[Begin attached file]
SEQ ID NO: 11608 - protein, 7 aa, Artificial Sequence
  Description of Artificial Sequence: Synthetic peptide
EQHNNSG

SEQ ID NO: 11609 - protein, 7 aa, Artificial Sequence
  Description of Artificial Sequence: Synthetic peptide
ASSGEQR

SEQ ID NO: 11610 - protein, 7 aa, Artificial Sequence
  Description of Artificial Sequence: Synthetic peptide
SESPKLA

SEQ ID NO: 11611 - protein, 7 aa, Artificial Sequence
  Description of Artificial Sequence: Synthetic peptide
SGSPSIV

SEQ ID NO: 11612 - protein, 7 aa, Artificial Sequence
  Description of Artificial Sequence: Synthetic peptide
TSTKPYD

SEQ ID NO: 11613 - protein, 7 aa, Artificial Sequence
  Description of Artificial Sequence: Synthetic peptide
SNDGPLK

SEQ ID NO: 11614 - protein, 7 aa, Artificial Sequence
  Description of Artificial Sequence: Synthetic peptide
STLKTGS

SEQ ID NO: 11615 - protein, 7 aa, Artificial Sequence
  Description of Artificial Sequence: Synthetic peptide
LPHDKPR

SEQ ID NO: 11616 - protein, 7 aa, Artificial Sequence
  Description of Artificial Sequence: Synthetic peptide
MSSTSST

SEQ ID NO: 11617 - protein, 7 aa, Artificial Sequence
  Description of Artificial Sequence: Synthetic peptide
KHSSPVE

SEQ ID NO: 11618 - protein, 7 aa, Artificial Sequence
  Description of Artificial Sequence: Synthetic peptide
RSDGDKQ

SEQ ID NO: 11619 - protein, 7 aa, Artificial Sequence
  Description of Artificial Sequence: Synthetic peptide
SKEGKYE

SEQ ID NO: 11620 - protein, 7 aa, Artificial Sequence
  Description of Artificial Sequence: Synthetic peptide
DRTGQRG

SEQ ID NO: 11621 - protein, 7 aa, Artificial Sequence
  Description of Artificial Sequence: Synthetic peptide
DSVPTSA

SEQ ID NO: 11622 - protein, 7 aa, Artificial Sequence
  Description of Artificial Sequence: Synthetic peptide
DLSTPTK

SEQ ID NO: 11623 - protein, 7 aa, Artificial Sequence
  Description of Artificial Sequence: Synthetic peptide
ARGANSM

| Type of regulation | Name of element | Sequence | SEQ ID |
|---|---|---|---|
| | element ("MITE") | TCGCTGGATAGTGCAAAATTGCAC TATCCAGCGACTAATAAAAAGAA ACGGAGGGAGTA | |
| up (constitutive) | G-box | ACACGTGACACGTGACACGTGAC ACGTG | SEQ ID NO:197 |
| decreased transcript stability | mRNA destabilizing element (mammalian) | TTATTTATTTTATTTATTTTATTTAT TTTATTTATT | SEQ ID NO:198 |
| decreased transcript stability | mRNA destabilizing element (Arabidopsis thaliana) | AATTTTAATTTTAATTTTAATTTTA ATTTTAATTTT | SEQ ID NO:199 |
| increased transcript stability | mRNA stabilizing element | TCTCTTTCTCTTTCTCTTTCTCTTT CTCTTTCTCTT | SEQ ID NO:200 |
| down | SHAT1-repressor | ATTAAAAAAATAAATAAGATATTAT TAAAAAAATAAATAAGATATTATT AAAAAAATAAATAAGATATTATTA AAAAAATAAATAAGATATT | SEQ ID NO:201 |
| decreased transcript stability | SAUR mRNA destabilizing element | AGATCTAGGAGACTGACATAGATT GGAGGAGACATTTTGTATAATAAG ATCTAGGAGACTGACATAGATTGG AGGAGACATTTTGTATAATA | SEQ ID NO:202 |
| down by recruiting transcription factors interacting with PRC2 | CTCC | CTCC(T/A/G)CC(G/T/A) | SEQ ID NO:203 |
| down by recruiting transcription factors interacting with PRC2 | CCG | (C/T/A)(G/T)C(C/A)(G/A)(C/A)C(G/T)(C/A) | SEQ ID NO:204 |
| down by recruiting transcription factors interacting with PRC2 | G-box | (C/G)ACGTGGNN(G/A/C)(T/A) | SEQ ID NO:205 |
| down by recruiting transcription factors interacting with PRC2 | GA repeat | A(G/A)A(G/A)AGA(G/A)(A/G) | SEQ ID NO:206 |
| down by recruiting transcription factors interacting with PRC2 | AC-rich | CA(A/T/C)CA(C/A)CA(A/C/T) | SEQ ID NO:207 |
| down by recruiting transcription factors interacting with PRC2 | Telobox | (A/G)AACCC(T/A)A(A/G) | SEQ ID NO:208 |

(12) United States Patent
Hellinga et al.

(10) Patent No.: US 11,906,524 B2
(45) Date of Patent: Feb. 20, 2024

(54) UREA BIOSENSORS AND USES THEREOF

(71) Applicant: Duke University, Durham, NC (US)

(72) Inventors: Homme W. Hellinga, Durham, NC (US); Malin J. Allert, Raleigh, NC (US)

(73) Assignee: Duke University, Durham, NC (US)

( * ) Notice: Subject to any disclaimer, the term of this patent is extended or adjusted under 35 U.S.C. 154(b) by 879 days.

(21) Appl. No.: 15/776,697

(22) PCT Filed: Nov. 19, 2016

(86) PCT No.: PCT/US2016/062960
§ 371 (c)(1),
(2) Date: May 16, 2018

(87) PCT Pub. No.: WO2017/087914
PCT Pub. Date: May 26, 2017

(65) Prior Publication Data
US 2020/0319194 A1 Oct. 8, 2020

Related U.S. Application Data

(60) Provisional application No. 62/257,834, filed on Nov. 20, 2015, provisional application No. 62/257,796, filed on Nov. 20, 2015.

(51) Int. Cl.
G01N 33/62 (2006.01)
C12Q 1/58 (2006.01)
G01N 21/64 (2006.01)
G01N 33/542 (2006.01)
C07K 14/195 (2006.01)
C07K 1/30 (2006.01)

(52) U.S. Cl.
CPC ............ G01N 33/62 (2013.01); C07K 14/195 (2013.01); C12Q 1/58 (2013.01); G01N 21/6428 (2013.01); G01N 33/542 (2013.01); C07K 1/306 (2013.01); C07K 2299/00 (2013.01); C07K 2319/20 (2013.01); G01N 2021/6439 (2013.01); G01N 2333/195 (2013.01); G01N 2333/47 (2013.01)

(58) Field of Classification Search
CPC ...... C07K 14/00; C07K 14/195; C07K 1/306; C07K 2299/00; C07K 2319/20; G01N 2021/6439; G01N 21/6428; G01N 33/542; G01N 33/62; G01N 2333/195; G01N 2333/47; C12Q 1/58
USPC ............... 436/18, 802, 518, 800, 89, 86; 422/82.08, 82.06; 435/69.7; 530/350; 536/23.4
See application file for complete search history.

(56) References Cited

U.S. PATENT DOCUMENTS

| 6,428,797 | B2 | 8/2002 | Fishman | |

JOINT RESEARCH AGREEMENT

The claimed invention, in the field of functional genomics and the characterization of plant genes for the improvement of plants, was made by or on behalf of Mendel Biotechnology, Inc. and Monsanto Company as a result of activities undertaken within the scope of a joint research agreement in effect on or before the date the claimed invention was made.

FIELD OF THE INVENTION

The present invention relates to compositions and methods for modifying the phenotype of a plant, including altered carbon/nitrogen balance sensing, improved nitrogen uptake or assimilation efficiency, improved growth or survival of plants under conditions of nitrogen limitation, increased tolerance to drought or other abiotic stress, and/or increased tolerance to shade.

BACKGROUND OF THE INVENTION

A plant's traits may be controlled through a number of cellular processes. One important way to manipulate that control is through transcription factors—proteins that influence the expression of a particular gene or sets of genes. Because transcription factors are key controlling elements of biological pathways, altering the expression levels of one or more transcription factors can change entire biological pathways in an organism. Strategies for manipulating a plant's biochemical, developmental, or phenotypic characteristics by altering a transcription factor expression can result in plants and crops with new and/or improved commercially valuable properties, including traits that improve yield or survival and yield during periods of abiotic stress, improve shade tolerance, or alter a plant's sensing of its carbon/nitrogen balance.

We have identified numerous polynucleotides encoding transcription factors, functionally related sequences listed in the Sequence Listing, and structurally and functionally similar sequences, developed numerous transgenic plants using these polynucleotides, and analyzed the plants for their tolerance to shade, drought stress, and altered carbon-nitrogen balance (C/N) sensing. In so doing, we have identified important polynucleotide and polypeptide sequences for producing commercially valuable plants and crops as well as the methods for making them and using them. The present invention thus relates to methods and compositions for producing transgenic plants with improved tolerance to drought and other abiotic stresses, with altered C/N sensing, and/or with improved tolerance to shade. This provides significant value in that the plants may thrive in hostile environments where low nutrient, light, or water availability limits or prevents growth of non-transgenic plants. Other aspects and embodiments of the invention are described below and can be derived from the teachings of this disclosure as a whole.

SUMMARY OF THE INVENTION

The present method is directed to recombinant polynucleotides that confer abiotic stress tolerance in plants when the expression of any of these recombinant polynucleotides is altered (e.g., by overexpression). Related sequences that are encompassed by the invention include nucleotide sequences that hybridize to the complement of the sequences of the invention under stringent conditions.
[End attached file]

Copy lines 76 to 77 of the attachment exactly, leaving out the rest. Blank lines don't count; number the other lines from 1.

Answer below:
§ 371 (c)(1),
(2) Date: May 16, 2018